Potential clients will sometimes ask if I will go shopping with them or how involved they will be in the design process.
I generally do not go shopping with clients or sort through tons of fabric swatches with them. I am happy to consider any furnishings or fabrics clients have found that they love, but I need to be able to evaluate everything independently to see if it really will create the overall feeling the client wants, and if it really is the best option from a space planning perspective.
I can only do this type of evaluation in the quiet of my studio, where I have the rooms on paper and all the other design elements thought out so that I can consider everything in relationship to one another.
There are several points in the design process where the work is collaborative. There is in the initial phase where the client tells us about their lifestyle and shares inspiration and ideas for the design. This is your opportunity to consider all the options and bring us absolutely every idea that strikes your fancy. This meeting sets the agenda for the entire project.
Then again in the revision phase the client points out any elements in the design that they do not absolutely love, and we work together to find replacements. At this point we can shop together for a few signature items or sort through things together to find replacements for anything that is not working.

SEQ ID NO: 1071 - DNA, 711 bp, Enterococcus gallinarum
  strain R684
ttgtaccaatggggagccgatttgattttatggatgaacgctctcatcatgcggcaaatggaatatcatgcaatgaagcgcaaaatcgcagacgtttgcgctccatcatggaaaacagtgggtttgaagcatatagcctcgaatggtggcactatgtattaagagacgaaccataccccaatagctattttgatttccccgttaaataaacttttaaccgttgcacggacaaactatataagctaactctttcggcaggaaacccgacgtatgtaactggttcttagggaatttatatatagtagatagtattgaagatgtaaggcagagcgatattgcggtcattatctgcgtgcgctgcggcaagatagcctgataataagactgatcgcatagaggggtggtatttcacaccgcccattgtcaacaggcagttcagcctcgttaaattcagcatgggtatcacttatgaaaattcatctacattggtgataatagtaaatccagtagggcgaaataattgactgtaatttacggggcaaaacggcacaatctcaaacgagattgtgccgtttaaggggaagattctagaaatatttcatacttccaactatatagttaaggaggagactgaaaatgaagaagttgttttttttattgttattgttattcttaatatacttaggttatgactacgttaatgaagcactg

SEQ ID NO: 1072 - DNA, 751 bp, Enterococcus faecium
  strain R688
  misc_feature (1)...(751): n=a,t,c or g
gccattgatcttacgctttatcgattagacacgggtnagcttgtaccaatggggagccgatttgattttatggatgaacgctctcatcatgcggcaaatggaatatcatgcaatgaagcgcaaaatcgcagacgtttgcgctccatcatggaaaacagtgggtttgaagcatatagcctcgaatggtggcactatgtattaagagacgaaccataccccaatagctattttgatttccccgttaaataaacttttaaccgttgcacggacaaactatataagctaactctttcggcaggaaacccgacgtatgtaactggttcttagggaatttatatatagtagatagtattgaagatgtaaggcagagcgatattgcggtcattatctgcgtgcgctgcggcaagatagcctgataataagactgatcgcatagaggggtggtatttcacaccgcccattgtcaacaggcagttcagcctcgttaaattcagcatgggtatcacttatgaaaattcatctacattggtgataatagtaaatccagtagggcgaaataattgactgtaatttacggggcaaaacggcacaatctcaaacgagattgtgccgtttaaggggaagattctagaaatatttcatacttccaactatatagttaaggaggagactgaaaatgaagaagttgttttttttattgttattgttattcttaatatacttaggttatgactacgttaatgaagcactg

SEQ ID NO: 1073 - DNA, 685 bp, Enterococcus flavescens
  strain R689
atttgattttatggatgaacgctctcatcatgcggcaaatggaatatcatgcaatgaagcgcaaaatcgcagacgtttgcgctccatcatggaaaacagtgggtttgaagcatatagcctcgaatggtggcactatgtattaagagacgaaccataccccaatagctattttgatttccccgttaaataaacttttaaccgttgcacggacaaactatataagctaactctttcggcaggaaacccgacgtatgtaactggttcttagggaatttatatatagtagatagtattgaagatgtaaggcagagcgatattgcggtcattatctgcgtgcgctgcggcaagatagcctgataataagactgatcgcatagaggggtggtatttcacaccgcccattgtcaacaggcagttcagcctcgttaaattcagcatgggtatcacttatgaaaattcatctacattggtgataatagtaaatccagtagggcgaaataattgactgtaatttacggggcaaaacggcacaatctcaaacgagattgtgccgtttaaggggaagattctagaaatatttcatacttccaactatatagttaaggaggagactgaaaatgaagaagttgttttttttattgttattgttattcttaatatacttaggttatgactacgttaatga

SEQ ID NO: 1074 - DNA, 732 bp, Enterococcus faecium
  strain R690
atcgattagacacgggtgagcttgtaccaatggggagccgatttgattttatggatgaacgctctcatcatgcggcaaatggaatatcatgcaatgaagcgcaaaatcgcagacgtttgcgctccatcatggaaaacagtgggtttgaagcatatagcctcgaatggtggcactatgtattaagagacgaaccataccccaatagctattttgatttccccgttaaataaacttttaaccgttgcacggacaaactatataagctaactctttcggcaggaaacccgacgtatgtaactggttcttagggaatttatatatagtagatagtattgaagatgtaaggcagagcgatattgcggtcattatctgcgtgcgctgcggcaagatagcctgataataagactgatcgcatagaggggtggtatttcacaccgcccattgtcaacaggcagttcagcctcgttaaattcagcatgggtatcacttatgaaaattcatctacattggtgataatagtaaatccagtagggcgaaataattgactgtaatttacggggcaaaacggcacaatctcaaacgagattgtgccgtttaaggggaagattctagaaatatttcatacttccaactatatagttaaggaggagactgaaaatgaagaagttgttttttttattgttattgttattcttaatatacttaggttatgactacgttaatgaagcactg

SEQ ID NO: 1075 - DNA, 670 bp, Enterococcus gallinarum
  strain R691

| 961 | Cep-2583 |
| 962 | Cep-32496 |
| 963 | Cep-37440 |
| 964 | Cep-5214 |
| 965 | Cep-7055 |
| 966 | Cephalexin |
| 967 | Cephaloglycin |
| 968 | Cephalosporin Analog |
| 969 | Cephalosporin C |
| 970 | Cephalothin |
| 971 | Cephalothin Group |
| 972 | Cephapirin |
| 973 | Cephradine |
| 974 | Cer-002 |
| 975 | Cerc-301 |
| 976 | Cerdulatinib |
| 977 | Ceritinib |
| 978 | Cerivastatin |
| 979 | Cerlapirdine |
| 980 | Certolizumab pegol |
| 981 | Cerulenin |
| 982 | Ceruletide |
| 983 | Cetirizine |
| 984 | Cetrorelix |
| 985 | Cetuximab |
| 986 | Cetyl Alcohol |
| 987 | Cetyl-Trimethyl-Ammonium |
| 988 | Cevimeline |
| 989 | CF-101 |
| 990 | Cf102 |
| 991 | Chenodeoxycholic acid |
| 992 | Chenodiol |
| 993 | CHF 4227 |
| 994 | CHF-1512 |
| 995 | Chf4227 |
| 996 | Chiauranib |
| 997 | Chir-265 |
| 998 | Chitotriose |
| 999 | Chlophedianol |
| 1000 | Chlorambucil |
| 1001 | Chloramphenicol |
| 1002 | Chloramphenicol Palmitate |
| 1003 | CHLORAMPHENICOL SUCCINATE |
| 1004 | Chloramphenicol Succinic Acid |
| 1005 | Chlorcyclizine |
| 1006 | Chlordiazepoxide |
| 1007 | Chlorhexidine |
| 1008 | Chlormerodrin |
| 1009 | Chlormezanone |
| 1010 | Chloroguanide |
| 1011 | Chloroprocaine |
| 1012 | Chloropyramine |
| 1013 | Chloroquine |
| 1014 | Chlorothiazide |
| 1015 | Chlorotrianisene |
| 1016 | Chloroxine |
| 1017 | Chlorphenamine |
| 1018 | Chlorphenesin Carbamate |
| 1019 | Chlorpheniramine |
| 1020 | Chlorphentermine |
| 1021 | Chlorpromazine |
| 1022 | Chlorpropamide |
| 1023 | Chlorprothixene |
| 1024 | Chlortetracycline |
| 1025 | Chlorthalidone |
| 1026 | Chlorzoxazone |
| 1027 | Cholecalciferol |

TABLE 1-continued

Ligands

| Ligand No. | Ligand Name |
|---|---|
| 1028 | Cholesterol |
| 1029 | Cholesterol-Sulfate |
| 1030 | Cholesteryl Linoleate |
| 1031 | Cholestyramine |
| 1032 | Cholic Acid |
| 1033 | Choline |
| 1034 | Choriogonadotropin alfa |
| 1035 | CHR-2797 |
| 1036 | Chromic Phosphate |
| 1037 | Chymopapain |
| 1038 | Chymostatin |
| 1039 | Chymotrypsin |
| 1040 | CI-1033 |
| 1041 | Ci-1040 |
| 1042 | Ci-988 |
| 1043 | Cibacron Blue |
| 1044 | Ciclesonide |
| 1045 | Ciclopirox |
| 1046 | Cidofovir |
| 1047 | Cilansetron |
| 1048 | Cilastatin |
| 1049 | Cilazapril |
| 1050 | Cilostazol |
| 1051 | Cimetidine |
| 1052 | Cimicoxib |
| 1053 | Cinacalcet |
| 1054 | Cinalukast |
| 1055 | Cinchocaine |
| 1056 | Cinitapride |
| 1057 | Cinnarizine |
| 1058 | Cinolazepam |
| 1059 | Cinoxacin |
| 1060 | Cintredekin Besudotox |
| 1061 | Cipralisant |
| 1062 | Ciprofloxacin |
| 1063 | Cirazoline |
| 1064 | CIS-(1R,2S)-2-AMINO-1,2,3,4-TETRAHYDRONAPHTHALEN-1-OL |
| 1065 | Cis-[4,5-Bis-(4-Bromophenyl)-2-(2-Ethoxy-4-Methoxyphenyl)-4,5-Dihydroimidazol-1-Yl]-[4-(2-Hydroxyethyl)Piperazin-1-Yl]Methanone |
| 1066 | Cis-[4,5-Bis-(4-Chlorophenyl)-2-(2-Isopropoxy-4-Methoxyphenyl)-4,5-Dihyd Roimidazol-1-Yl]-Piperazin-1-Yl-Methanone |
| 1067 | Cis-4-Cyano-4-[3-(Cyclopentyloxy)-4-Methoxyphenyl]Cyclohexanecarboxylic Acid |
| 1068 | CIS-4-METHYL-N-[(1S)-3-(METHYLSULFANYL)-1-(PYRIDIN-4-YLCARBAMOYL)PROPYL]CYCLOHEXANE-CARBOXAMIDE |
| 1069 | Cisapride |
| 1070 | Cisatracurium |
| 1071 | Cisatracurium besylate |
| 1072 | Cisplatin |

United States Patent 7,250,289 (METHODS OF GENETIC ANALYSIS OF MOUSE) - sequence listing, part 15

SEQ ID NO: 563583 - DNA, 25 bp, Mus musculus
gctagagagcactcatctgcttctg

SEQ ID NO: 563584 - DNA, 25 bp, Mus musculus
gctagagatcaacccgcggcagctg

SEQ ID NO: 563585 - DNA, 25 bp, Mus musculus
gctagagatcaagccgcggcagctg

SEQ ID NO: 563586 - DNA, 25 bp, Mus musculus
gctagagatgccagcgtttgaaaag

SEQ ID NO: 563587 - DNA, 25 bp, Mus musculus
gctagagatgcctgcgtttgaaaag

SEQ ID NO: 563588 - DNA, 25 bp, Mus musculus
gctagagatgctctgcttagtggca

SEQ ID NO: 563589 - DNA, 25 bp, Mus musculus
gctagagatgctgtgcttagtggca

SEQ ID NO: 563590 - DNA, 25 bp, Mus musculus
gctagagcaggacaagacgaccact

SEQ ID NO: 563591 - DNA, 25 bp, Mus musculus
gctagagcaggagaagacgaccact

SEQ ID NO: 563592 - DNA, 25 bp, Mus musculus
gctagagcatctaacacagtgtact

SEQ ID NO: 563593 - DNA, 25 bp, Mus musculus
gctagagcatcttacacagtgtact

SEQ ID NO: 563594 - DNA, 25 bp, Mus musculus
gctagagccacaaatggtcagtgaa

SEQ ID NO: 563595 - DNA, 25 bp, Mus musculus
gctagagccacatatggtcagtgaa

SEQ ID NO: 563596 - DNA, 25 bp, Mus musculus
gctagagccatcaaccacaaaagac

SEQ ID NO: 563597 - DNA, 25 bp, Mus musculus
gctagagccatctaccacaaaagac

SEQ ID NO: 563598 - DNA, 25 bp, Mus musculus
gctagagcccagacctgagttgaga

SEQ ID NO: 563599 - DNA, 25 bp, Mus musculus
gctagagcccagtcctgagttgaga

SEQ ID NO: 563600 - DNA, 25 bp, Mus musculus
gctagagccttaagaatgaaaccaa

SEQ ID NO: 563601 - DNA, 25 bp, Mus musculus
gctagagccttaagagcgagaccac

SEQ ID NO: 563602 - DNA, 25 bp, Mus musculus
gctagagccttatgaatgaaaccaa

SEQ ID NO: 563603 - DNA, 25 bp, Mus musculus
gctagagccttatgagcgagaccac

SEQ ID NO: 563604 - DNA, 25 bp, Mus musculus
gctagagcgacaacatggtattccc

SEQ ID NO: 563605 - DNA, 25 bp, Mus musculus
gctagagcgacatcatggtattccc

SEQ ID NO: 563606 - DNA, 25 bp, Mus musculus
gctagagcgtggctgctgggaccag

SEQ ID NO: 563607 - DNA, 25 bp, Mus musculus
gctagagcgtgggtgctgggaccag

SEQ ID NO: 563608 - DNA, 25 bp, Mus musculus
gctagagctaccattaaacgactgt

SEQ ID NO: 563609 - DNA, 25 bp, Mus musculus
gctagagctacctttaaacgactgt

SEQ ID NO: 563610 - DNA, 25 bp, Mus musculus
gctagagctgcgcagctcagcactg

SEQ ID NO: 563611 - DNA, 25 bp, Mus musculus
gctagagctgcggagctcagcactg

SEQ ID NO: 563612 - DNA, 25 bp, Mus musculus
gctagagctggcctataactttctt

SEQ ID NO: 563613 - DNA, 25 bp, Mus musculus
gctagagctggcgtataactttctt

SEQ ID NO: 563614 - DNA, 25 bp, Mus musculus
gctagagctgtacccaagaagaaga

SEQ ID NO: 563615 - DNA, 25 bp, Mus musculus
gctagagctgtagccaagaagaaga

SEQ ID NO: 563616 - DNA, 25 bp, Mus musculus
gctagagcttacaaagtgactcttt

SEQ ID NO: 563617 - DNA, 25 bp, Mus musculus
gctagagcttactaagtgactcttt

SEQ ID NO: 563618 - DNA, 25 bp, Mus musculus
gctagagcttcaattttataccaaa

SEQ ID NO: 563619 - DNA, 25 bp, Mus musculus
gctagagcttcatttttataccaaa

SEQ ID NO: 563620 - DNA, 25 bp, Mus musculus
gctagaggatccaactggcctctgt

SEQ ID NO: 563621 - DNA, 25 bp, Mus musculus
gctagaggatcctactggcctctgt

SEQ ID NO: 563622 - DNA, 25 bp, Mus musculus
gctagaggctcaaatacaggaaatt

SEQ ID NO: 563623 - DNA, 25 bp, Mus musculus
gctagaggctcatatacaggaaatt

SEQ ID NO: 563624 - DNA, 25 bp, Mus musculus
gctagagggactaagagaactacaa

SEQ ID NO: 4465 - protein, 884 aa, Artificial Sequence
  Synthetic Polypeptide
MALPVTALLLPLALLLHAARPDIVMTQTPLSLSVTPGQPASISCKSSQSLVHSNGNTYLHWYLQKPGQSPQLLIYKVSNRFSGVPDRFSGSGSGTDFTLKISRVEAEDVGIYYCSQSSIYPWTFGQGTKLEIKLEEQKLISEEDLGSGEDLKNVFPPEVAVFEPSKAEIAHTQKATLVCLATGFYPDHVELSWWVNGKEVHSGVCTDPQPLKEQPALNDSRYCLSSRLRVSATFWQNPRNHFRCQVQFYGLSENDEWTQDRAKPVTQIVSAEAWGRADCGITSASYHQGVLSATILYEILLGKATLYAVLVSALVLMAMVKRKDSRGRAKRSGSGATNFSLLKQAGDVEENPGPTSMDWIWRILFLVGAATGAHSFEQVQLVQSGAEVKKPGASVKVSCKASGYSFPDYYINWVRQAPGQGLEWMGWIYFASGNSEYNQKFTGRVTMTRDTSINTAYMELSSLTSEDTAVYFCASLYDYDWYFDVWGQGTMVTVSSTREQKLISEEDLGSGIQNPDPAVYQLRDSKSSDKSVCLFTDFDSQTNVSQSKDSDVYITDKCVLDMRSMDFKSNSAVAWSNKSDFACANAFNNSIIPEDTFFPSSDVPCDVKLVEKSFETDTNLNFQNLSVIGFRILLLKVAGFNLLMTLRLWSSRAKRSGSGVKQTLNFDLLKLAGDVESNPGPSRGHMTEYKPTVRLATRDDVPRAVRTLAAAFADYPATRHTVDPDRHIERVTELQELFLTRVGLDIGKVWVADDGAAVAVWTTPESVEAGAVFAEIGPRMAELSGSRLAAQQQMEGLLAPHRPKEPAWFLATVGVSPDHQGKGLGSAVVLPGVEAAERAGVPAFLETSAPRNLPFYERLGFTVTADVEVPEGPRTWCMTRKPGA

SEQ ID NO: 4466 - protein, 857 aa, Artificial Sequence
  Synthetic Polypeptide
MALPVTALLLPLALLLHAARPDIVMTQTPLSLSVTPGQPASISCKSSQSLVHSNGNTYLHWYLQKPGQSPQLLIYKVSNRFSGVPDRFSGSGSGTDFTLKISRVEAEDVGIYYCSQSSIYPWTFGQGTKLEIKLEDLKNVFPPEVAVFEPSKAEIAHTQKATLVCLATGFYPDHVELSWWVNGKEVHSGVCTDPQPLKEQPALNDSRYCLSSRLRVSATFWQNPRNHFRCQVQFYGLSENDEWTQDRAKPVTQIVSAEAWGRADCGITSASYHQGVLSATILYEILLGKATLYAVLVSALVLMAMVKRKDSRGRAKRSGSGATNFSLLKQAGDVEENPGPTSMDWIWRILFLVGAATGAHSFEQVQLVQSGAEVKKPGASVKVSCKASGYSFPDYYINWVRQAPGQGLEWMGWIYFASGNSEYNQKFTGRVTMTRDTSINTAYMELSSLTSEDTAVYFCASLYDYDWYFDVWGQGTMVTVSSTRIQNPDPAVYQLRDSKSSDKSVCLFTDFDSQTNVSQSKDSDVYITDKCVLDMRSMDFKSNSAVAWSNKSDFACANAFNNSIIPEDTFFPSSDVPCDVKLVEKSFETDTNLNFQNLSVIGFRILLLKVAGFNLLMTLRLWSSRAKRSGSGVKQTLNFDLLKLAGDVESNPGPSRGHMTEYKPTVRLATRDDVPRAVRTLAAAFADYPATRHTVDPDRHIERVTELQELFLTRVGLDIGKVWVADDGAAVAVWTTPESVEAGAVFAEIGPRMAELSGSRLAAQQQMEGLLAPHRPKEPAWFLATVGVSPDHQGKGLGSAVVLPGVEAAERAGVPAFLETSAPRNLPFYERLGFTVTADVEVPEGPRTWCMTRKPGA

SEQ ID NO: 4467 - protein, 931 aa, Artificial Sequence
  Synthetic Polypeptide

I know it disappoints some people that I will not work hourly or shop with them, but this is really not the way most professional designers work. I think Million Dollar Decorators, which I wrote about in my last post, is a great depiction of how top designers create. They consult with the client but they do the work, the shopping, the editing, separately.
If you hire a designer it should be because you trust that this person can accomplish a result that you cannot get on your own. If this is true then, as a client, you have to communicate your point of view best you can and then let your designer do the design.
Many of my best clients have told me upfront that they want to be very involved, but when they see what we create for them they realize we have hit the nail on the head and that they do not really need to be there every step of the way to get the space of their dreams.
What do you think? Are you a designer? How do you prefer to work? Have any of you ever had a great experience with a designer who worked differently than this?